On the International Stage: In early November, the United States became the only country unwilling to participate in the Paris Climate Agreement, after Syria pledged to join. At the U.N. climate summit in Bonn, Germany, the official U.S. formal delegation declined to participate except to speak about the role clean coal, natural gas, and nuclear energy will play in reducing future carbon emissions. A second U.S. delegation of businesses, governors, and mayors of major cities also attended and described their plans to meet the U.S. Paris Agreement target of 26-28% reduction on their own. Fourteen states have joined the U.S. Climate Alliance (USCA) as a commitment to uphold the Paris Agreement on their own. Other states and cities have pledged support for the Paris Agreement but have not joined the USCA.
After three years of stable world carbon emissions, 2017 levels are expected to rise by 2%. While emissions from European countries and the U.S. are expected to be lower than previous years, emissions from the rest of the world, especially China and India, are expected to be higher.
On the National Stage: On October 10, EPA Administrator Scott Pruitt issued a Notice of Proposed Rulemaking to repeal the Clean Power Plan. The EPA held its only scheduled public meetings on November 28 and 29 in Charleston, West Virginia – coal country! Written public comments will be accepted until January 16, 2018.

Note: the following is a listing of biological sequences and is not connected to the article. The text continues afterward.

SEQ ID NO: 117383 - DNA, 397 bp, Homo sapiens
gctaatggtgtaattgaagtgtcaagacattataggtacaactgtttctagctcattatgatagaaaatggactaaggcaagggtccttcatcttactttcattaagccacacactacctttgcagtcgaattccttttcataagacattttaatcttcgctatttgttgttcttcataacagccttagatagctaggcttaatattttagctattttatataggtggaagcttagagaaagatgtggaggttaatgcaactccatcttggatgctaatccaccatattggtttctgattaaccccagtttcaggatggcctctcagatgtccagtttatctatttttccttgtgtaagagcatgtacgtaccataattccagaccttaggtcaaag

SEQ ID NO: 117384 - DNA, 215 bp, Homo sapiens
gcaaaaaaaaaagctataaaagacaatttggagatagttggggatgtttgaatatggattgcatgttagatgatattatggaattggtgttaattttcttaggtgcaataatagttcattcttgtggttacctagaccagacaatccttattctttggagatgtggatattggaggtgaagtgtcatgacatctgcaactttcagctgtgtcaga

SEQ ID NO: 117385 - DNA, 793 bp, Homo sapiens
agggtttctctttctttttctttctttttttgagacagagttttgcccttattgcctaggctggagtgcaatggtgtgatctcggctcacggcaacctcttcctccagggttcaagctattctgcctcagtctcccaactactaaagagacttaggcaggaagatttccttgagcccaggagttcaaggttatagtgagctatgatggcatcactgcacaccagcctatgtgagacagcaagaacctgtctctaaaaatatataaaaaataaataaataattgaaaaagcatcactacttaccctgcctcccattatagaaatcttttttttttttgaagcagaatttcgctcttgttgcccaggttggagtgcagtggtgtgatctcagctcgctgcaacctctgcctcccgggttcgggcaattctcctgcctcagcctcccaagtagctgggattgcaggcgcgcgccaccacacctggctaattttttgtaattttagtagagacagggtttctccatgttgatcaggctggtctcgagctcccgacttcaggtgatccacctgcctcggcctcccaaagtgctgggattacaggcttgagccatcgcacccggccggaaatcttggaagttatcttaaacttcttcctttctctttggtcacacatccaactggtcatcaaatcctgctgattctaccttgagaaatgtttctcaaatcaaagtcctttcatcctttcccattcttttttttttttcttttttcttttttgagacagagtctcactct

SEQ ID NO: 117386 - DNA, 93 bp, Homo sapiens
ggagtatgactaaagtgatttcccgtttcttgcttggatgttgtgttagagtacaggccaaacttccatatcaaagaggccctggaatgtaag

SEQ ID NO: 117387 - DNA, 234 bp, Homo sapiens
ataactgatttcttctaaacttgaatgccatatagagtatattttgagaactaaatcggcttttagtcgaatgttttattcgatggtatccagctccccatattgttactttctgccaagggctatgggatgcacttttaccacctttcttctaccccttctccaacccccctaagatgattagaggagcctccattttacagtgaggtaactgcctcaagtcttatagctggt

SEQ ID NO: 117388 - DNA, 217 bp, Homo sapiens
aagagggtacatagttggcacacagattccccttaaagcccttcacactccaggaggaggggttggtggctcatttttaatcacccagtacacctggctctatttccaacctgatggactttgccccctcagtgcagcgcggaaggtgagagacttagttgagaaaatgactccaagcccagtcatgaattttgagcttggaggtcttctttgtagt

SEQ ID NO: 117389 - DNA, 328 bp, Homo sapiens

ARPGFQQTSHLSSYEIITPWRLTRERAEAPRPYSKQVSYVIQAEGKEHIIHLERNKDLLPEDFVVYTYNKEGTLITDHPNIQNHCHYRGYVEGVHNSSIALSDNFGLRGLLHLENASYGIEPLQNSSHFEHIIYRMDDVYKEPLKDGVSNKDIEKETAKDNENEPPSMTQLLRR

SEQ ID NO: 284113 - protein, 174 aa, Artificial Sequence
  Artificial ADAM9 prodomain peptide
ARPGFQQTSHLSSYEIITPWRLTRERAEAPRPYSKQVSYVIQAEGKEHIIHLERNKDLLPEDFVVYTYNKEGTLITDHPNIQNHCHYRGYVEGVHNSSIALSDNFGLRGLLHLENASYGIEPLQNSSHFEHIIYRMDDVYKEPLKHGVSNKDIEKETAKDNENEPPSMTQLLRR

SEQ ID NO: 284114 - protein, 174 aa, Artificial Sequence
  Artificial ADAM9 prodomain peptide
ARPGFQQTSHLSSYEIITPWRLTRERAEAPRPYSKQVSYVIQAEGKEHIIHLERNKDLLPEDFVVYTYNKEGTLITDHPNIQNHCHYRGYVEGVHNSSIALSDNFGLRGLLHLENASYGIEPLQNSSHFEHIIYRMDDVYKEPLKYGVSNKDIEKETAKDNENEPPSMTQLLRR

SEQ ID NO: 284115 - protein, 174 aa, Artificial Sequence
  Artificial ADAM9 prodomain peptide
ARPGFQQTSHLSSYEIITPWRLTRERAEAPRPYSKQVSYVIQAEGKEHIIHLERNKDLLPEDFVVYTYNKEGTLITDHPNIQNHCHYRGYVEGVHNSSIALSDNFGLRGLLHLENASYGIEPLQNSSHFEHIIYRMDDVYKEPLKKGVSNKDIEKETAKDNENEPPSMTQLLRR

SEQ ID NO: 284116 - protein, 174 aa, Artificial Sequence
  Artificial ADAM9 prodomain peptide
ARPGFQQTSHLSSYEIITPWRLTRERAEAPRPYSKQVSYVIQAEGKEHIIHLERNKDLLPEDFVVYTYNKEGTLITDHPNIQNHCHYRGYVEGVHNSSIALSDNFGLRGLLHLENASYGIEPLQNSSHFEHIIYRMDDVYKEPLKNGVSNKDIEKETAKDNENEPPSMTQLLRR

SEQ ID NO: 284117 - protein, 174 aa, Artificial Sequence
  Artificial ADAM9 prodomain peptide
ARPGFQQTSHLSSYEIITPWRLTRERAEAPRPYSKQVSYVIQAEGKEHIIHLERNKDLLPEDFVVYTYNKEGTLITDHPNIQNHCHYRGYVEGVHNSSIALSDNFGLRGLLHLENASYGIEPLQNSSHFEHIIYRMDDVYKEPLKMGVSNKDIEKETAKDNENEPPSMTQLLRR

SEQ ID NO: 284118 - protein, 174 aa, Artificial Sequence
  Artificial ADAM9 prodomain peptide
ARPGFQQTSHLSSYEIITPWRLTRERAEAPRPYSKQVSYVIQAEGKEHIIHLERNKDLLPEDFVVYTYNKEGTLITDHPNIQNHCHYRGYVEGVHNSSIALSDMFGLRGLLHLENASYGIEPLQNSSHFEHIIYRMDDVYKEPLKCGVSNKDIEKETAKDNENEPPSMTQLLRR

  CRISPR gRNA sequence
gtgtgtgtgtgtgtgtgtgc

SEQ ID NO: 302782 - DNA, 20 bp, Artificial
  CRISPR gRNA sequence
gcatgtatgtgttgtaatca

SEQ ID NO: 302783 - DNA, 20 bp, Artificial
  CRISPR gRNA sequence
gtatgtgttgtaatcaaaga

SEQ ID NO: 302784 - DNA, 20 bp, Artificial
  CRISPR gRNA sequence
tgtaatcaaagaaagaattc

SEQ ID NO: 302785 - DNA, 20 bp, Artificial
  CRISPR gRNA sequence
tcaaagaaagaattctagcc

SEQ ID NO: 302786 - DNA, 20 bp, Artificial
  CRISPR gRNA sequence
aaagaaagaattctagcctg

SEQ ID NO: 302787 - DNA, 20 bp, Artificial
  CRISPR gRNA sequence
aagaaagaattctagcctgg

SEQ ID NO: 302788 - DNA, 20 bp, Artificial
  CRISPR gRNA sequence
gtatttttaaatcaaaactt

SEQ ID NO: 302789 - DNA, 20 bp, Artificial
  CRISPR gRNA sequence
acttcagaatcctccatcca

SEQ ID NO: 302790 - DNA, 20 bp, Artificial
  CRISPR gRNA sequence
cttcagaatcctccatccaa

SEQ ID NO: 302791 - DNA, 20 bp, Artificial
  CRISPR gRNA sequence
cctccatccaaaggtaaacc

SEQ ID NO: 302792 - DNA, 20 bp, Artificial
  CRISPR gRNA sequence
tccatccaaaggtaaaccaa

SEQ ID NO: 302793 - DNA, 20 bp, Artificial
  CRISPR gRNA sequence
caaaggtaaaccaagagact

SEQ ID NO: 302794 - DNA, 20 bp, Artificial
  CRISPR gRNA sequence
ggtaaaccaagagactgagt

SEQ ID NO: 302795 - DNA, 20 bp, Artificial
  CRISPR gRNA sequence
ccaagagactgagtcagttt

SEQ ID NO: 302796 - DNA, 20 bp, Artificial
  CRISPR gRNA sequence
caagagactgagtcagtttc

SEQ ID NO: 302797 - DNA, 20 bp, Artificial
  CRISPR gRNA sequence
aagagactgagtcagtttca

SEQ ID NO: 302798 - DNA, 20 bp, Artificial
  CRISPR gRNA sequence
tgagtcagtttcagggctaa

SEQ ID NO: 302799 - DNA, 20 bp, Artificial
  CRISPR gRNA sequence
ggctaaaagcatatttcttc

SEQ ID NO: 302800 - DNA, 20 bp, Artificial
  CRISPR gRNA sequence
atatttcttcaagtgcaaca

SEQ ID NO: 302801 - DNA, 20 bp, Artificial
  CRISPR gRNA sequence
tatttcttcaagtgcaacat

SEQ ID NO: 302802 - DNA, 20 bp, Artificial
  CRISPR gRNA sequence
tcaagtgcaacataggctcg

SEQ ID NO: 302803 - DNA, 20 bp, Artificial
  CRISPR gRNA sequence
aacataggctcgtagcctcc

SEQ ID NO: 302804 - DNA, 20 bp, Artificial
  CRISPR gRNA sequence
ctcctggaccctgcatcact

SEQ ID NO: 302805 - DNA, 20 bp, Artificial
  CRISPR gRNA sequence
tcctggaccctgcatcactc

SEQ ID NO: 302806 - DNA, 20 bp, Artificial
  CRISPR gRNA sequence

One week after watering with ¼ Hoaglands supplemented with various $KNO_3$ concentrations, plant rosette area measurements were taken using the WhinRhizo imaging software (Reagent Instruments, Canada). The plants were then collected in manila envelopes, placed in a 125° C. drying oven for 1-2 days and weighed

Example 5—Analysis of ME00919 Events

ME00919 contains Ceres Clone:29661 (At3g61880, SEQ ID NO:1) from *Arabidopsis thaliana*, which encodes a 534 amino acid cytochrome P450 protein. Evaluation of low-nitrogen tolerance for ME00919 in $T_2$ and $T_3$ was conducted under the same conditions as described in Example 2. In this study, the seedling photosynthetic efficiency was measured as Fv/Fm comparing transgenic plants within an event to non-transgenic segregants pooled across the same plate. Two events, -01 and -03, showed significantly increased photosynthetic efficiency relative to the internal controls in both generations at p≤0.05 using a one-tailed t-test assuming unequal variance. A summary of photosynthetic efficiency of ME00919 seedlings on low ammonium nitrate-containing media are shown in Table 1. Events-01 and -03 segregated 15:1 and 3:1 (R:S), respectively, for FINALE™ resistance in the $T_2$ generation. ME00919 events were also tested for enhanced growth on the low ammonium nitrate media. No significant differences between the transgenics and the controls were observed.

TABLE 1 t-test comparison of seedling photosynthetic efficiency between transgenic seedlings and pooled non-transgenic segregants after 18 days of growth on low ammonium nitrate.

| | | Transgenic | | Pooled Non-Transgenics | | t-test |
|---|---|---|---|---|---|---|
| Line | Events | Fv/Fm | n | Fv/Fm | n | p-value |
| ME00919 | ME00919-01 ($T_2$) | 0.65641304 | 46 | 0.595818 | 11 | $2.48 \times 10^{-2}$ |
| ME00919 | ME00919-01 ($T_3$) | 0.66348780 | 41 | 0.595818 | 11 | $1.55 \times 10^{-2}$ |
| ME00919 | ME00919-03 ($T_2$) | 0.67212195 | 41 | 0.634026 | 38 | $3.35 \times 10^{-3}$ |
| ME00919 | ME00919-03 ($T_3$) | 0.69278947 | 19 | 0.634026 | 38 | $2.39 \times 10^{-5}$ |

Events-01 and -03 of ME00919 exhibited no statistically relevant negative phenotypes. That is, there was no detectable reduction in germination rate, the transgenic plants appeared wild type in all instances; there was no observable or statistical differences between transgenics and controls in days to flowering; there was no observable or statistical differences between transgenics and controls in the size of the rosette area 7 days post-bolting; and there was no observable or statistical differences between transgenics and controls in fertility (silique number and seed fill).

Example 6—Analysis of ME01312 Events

In our August newsletter, we wrote about the leaked Climate Science Special Report draft. Thirteen Federal Agencies released the final version in November, which is Volume I of the Fourth National Climate Assessment. Climate Change Impacts, Risks and Adaptation in the United States is Volume II of the Fourth National Climate Assessment and is scheduled for release in late 2018. Volume II will analyze the impacts to the nation’s resources (forests, freshwater, saltwater, soil, air, etc.), sectors (energy, transportation, infrastructure, health, etc.), and systems. Volume II will also provide regional analyses, risk assessment, and impact responses and adaptations. The public comment period for Volume II is open until January 31, 2018. A related report, Second State of the Carbon Cycle Report, reviews U.S. and North American carbon sources and sinks and their respective impacts to global carbon amounts and managed and unmanaged systems. The Second State of the Carbon Cycle Report is also available for public comment until January 8, 2018.
On the State Stage: Maine is already starting to show signs of climate change:
- Warmer falls and winters are allowing ticks to stay active longer, reducing the moose population and increasing human cases of tick-borne diseases, such as Lyme and anaplasmosis.
- Some invasive forest pests, like the hemlock woolly adelgid, were contained by Maine’s colder winters but are now expanding their range.
- The Gulf of Maine is getting warmer and more acidic, impacting shellfish larvae habitat and shell development, reducing suitable groundfish habitat, and becoming more hospitable for non-native species.
- Over a 100-year period, sea level has increased by 0.6 feet in the Portland area, while Eastport’s sea level has increased by 0.7 feet.